Despite the superb battle system, engaging cutscenes, and interesting characters, FFXIII, ultimately, is a disappointment. Taken in isolation, it is a fun game with stunning graphics and a compelling story. But compared with the wider RPG genre, and held up against the lofty expectations of the series' hardcore fans, it falls short. For this reason, newcomers may well enjoy FFXIII more than series' veterans.
Characters constantly refer to pushing forward no matter what. For much of the game, that is all the player can do.
You just can't escape the feeling that, in trimming the fat from the series, Square Enix has nicked FFXIII's bone. It's not a bad game by any stretch of the imagination; like a good song, or a slow-burning book, FFXIII grows on you the more you play it. It is, undoubtedly, the best JRPG to come out of Square Enix in a long time. But the inescapable, uncomfortable truth is that it is too linear. Without traditional JRPG features like towns, NPCs, and an over world, there is no real sense of ownership. Upon completing the game, you certainly feel as if you've enjoyed the 50 or so hours you've invested into doing so, but the experience is more throwaway than formative. Despite some incredibly tough monster hunting missions in chapter 11, there's no variation to the game whatsoever.
FFXIII spends too long easing players into its complex systems - complex systems which, really, aren't that complex. In a recent interview, Kitase said: "It's better to see some people be a little bit bored" than give players too much information to digest. We had no idea he was talking about 25 hours of boredom. Toriyama recently said that lower than expected review scores are the result of press reviewing "from a western point of view", as if to say we're missing the point. But surely, in today's global village and instant communication age, taking a global perspective on a high profile internationally-released video game is the only proper course of action.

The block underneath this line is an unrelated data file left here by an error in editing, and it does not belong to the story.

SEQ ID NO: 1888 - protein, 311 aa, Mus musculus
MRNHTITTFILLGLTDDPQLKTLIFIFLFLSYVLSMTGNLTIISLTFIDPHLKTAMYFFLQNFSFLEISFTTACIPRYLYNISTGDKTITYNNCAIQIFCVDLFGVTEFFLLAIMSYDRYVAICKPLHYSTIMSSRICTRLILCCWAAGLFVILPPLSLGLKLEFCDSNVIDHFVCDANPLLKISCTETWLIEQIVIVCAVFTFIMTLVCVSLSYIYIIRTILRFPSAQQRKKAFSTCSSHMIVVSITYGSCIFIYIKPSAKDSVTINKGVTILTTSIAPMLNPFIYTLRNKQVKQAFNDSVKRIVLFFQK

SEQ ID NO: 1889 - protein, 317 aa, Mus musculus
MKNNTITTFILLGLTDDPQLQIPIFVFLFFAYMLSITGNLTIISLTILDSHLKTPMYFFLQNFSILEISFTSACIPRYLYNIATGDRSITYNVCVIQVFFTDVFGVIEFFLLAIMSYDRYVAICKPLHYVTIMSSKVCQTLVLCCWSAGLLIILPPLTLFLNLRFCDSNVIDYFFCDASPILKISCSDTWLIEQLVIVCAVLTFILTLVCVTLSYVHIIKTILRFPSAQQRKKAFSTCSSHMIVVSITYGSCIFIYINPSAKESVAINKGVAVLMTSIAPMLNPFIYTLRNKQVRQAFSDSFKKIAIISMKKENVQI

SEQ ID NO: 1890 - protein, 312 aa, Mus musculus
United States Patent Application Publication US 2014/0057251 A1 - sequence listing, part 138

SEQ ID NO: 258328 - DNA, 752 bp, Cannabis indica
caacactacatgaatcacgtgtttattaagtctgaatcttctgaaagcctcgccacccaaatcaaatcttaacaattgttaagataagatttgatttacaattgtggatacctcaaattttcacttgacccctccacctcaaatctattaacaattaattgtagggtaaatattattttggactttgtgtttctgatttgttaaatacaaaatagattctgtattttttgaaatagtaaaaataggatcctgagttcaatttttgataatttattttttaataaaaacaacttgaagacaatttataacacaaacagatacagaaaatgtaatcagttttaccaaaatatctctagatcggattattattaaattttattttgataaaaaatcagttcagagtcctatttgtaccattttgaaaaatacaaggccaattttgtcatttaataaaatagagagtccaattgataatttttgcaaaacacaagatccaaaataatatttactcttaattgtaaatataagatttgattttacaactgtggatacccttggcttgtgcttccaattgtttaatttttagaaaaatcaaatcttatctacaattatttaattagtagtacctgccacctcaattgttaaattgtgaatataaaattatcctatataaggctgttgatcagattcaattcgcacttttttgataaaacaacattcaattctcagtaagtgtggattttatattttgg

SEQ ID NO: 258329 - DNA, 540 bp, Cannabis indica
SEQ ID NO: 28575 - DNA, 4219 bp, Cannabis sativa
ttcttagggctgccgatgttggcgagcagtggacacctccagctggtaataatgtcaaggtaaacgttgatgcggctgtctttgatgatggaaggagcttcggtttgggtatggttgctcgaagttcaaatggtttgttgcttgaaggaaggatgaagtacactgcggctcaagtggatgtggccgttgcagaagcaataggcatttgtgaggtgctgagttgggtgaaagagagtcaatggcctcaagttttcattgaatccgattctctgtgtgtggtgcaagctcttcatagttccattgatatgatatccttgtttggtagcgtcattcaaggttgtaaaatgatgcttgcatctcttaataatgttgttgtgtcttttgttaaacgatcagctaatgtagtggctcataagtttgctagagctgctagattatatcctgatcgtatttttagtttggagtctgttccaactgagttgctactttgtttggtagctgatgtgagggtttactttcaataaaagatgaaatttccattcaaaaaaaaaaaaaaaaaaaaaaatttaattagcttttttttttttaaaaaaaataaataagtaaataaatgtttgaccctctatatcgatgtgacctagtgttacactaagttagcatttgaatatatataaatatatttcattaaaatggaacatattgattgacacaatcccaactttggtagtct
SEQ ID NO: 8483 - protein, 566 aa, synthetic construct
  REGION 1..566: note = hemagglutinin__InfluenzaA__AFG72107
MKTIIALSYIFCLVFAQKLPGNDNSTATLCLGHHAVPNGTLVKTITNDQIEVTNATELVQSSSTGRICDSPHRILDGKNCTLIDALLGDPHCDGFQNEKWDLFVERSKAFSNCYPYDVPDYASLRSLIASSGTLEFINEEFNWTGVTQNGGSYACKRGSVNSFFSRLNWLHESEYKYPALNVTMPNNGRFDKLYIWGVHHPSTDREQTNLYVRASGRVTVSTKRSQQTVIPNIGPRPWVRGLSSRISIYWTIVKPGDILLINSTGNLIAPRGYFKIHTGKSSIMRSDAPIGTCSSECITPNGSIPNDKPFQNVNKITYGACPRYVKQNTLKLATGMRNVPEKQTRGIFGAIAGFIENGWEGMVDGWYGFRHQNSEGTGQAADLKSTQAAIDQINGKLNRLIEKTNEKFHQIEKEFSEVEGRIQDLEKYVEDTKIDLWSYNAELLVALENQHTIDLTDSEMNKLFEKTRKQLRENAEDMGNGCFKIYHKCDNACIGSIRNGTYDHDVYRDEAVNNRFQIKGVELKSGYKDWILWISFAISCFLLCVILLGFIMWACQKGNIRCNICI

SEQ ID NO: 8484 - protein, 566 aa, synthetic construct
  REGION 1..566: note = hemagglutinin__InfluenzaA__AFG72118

As Western role-playing games have evolved, delving into open world, player-driven territory (Elder Scrolls, Fallout) and cinematic, cross-genre experiences (Mass Effect, Borderlands), Japanese role-playing games have remained largely the same - stuck in a rut, even - telling tales of teenage angst and upbeat heroic fantasy we've heard countless times before. We're not saying we wanted Final Fantasy to copy WRPG mechanics. We simply wanted - quite desperately - for Final Fantasy XIII to be the best JRPG of all time. You have to hand it to Square Enix for trying to move things forward - better that than yet another rehash of the tried and tested Final Fantasy formula (the less said about Infinite Undiscovery the better). But it does so along a path so narrow and straight that you long for the days of old. When Vanille is knocked out in battle, she sometimes says: "What went wrong?" It's a question we find ourselves wondering as well.